Alternatively you can use psql to install tablefunc using something like the following command:
We will be covering the following functions
There are a couple of key points to keep in mind which apply to both crosstab functions.
Setting up our test data
For our test data, we will be using our familiar inventory, inventory flow example. Code to generate structure and test data is shown below.
Using crosstab(source_sql, category_sql)
For this example we want to show the monthly usage of each inventory item for the year 2007 regardless of project. The crosstab we wish to achieve would have columns as follows: item_name, jan, feb, mar, apr, may, jun, jul, aug, sep, oct, nov, dec
--Resulting crosstab query --Note: For this we don't need the order by month since the order of the columns is determined by the category_sql row order
The output of the above crosstab looks as follows:
crosstab(source_sql) is much trickier to understand and use than the crosstab(source_sql, category_sql) variant, but in certain situations and certain cases is faster and just as effective. The reason why is that crosstab(source_sql) is not guaranteed to put same named buckets in the same columns especially for sparsely populated data. For example - lets say you have data for CSCL for Jan Mar Apr and data for Phenol for Apr. Then Phenols Apr bucket will be in the same column as CSCL Jan's bucket. This in most cases is not terribly useful and is confusing.
To skirt around this inconvenience one can write an SQL statement that guarantees you have a row for each permutation of Item, Month by doing a cross join. Below is the above written so item month usage fall in the appropriate buckets.
In actuality the above query if you have an index on action_date is probably more efficient for larger datasets than the crosstab(source, category) example since it utilizes a date range condition for each month match.
There are a couple of situations that come to mind where the standard behavior of crosstab of not putting like items in same column is useful. One example is when its not necessary to distiguish bucket names, but order of cell buckets is important such as when doing column rank reports. For example if you wanted to know for each item, which projects has it been used most in and you want the column order of projects to be based on highest usage. You would have simple labels like item_name, project_rank_1, project_rank_2, project_rank_3 and the actual project names would be displayed in project_rank_1, project_rank_2, project_rank_3 columns.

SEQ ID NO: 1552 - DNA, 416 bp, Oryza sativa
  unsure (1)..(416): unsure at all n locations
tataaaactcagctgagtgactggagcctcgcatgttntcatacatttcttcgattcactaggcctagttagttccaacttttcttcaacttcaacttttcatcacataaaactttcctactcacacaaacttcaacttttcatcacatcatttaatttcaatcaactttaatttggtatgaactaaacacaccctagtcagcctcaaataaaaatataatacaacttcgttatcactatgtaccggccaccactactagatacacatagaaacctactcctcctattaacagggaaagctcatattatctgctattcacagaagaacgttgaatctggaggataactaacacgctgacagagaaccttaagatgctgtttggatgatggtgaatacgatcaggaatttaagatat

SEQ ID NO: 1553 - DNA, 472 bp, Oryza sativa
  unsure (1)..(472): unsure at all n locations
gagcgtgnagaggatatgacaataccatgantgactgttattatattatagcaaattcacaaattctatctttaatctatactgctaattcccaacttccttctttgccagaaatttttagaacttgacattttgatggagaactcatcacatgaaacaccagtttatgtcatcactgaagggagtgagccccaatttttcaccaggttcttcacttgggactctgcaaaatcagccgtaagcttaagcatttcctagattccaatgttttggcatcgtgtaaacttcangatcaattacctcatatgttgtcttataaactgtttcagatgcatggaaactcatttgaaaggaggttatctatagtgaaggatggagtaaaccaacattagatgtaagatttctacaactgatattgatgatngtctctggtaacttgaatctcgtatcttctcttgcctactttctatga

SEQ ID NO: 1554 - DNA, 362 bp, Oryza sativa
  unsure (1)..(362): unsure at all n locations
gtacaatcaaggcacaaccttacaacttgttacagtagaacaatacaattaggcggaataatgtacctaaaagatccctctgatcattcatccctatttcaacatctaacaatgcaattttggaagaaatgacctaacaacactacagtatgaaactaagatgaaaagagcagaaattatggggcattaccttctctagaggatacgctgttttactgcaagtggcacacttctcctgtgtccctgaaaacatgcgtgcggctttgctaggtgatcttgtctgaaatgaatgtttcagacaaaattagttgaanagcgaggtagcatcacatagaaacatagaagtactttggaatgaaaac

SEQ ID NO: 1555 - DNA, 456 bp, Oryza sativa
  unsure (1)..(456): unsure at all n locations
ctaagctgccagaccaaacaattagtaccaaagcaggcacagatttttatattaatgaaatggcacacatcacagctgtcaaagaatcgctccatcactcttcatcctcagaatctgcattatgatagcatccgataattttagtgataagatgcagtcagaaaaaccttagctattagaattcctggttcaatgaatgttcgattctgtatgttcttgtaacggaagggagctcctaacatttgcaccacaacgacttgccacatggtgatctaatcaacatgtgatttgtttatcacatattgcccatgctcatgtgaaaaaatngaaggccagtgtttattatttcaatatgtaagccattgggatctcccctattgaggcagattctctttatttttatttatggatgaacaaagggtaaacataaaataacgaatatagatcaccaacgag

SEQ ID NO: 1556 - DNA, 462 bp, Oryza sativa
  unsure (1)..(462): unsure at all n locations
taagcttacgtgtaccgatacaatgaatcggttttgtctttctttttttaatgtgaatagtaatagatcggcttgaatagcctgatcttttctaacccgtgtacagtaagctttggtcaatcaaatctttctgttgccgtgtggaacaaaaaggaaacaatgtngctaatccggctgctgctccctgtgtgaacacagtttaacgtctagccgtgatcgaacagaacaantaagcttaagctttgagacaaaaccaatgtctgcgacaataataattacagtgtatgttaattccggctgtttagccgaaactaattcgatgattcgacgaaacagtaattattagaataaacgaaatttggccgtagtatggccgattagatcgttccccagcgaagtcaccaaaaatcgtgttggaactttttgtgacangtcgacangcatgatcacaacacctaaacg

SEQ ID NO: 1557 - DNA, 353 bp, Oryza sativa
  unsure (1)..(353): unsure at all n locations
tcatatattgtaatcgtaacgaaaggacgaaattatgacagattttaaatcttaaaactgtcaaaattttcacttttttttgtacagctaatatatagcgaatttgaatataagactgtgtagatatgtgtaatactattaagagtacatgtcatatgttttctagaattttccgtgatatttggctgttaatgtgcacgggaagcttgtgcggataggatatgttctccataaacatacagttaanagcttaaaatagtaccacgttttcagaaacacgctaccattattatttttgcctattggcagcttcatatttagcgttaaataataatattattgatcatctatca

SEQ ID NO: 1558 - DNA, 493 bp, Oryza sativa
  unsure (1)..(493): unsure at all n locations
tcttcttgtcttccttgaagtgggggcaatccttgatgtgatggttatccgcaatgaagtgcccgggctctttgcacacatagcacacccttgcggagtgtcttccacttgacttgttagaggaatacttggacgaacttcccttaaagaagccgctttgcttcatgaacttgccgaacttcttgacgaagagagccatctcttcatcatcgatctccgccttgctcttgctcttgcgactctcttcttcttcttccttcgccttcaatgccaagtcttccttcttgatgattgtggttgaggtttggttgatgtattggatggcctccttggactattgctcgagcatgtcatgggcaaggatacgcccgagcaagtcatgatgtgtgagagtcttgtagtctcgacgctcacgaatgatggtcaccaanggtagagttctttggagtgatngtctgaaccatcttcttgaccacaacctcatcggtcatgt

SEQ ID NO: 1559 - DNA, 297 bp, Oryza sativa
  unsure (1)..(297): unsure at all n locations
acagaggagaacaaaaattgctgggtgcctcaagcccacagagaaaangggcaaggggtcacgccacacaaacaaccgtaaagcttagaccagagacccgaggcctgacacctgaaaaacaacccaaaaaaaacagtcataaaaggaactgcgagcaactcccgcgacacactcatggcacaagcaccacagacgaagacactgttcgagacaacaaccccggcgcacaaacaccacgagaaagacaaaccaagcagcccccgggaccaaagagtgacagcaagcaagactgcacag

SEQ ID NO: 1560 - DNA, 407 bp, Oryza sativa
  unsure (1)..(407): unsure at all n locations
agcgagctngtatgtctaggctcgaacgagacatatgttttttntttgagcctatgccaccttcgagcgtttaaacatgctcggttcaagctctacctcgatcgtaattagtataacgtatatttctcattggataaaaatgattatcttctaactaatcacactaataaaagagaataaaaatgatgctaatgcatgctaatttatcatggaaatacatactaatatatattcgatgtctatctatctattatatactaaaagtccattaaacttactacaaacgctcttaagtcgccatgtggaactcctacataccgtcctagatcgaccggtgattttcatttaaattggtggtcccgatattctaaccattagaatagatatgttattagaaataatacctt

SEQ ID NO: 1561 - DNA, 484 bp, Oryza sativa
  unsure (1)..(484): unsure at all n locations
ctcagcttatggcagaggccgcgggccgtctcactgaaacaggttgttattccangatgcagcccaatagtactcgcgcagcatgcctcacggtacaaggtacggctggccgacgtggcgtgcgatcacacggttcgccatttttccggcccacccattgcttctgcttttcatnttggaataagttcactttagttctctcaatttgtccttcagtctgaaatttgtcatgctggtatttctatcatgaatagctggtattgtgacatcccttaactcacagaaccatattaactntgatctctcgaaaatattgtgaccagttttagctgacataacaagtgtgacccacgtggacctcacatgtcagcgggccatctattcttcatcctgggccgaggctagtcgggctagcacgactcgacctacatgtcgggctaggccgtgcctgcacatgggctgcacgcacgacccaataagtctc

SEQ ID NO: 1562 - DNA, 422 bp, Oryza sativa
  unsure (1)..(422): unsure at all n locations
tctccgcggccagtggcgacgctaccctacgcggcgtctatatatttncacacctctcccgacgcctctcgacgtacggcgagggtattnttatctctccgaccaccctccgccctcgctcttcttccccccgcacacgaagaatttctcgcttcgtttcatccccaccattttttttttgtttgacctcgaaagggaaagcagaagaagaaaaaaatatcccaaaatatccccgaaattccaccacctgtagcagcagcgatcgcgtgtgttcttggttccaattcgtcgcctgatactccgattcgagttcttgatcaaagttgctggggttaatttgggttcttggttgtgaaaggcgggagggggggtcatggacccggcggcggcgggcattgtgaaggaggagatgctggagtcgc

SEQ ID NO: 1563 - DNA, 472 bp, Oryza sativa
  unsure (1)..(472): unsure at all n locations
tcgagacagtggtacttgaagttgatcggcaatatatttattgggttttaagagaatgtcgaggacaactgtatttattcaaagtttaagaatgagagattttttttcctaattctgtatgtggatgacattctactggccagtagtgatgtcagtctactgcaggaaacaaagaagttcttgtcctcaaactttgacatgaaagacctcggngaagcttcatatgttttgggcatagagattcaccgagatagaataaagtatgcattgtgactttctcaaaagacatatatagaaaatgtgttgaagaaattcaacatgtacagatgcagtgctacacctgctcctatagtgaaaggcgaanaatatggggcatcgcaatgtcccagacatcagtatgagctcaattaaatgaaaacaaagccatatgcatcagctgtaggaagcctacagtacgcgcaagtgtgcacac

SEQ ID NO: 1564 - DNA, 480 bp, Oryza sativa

Output of the above looks like:
Tricking crosstab to give you more than one row header column
Recall we said that crosstab requires exactly 3 columns output in the sql source statement. No more and No less. So what do you do when you want your month crosstab by Item, Project, and months columns. One approach is to stuff more than one Item in the item slot by either using a delimeter or using an Array. We shall show the array approach below.
Result of the above looks as follows:
Building your own custom crosstab function
If month tabulations are something you do often, you will quickly become tired of writing out all the months. One way to get around this inconvenience - is to define a type and crosstab alias that returns the well-defined type something like below:
Then you can write the above query as
Adding a Total column to the crosstab query
Adding a total column to a crosstab query using crosstab function is a bit tricky. Recall we said the source sql should have exactly
3 columns (row header, bucket, bucketvalue). Well that wasn't entirely accurate. The crosstab(source_sql, category_sql) variant of the function
allows for a source that has columns row_header, extraneous columns, bucket, bucketvalue.
Don't get extraneous columns confused with row headers. They are not the same and if you try to use it as we did for creating multi row columns, you will
be leaving out data. For simplicity here is a fast rule to remember.
Resulting output of our cross tabulation with total column looks like this:
If per chance you wanted to have a total row as well you could do it with a union query in your source sql. Unfotunately PostgreSQL does not support windowing functions that would make the row total not require a union. We'll leave that one as an exercise to figure out.